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All-star blues women to headline Vancouver Island MusicFest on first night

Shakura S’Aida is bringing many friends to the Comox Valley to sing and play the blues

While there’s a long tradition of women singing the blues, going back to Bessie Smith, Ma Rainey and others, they don’t always get centre stage.

Vancouver Island MusicFest favourite Shakura S’Aida aims to change that, as she has put together the Friday night headlining show, HER Majesty, for this year’s festival. She had rounded up a stellar cast of singers and musicians for the evening of July 8.

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S’Aida and fellow performer Terrie Odabi came up with the idea at a blues showcase event in Memphis, as they wanted to find a venue to give the women more of a chance in the spotlight, while being backed by some other women, all crack players on their instruments.

Through the pandemic, she had been staying in touch with other Black women in the blues community, as they were being hit especially hard by the shutdown of live music. Coincidentally, S’Aida’s second last show before live venues had to close was in the Comox Valley in March 2020. She has been performing some in the time since, including a couple of symphony shows.

For this summer’s Vancouver Island event, festival artistic director Doug Cox asked S’Aida to put together the Friday night headliner. Cox describes Shakura’s choices as an unprecedented gathering of women who have made their lives in the blues in Canada and the U.S.

“When I considered such a collaboration there was only one person who came to mind to curate this for us, and that person is the brilliant singer and music fan Shakura S’Aida. Shakura is someone who is no stranger to MusicFest. In fact, last time she was here we had her close for Ry Cooder,” he says. “When I asked her to curate a woman’s blues revue for our festival, she jumped at it, and in doing so, put together a powerhouse group that no one else could have put together.”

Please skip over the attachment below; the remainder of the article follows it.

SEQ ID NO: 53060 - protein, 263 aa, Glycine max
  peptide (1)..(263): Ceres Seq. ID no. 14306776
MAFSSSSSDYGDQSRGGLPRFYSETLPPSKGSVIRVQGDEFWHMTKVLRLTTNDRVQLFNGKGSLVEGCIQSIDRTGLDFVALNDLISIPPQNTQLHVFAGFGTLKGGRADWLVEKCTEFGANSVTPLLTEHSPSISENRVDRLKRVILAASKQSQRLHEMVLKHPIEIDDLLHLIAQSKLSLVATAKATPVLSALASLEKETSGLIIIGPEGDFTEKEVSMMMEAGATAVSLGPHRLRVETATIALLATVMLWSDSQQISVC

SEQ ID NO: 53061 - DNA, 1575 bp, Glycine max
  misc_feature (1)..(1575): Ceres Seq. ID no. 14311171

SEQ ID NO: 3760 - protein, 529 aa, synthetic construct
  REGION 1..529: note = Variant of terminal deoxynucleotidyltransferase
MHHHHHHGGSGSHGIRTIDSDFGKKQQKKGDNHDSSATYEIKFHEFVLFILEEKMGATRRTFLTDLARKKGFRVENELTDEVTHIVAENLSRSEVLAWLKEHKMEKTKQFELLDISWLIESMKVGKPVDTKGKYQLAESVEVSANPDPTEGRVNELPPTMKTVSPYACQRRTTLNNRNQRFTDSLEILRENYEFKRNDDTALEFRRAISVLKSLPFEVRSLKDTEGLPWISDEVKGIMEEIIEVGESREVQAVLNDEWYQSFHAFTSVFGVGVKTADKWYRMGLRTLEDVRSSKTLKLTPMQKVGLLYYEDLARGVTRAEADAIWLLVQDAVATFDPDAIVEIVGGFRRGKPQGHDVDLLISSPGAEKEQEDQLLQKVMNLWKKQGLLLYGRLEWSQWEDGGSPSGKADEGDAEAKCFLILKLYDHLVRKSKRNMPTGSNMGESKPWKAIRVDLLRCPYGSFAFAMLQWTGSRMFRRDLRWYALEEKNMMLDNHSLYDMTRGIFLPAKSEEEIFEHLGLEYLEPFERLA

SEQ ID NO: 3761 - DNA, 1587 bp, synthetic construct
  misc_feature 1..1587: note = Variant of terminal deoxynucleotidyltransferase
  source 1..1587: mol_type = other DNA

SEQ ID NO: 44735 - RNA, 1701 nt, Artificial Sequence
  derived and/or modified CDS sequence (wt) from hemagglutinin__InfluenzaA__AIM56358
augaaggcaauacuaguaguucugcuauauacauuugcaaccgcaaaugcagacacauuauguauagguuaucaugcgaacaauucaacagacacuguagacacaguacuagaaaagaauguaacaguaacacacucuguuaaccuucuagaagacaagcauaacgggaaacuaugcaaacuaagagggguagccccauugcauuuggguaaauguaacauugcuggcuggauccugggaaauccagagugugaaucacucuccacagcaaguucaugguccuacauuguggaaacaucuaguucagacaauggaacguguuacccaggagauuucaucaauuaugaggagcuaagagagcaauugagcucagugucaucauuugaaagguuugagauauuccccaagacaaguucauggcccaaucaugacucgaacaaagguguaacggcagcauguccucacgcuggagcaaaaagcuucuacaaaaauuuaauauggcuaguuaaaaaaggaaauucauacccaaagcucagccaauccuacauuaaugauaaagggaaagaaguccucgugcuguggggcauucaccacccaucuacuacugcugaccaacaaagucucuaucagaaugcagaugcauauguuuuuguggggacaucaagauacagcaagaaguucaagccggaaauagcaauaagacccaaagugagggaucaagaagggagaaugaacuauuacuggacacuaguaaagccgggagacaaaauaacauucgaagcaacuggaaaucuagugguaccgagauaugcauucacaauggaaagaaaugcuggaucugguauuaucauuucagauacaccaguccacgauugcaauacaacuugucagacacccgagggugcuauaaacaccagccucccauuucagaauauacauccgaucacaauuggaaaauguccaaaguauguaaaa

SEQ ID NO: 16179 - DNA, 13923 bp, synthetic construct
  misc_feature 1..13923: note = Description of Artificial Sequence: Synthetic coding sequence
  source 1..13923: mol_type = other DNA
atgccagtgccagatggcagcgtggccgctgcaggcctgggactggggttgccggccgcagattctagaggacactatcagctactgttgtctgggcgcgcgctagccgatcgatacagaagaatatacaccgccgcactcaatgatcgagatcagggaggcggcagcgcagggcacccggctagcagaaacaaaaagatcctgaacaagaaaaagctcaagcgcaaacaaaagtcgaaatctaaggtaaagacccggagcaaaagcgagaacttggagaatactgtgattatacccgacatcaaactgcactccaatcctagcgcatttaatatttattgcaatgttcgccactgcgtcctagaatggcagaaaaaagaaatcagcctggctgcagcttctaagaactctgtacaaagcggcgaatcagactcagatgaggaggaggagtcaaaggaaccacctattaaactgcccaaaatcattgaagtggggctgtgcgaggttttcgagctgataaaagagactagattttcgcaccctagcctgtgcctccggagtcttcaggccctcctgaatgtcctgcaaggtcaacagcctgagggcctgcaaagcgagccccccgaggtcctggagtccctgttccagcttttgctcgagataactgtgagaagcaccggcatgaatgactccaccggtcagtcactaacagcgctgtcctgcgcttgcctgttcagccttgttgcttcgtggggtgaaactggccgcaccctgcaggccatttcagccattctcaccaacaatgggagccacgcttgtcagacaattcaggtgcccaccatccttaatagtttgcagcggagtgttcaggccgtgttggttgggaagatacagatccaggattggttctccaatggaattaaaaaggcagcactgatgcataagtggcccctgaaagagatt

For S’Aida, the event is a chance to show people the talents of women in the blues world, across different generations, at a time when some might think young Black women are not singing the blues.

“Black women and the blues is a seemingly dying breed,” she says. “You hear about the old school Black women.”

The tradition runs strong though, which is part of why she reached across different generations for the lineup.

“It was really important to honour that,” she adds.

S’Aida started contacting some of the women she knew to see who was available. Unfortunately, her friend Odabi was booked, but there were plenty of others. Along with S’Aida, the featured vocalists will be: Seattle’s Lady A (the original blues singer, not the renamed country act), Melody Angel from Chicago, Annika Chambers based out of Texas and Florida, Toronto’s Rita Chiarelli, Nikki D from Toledo, Ohio, Detroit’s Thornetta Davis and Cecile Doo Kingue from Montreal. The accompaniment will be provided by Colleen Allen on sax, Anne Harris on violin, Anna Ruddick on bass and Tamara Williams on drums.

The singers will be taking centre stage but also stepping back to sing background and dance, in other words, support each other. When asked about the performers, S’Aida raves about each of the women on the bill and their range of styles, stressing no one is the headliner, but rather they are up there to collaborate and support each other as a community.

“It’s a court of queens, not a court of queens and princesses,” she says.

She is also hoping to hold HER Majesty more than once and bring others like Odabi to town.

“I hope I can do this again,” she adds.

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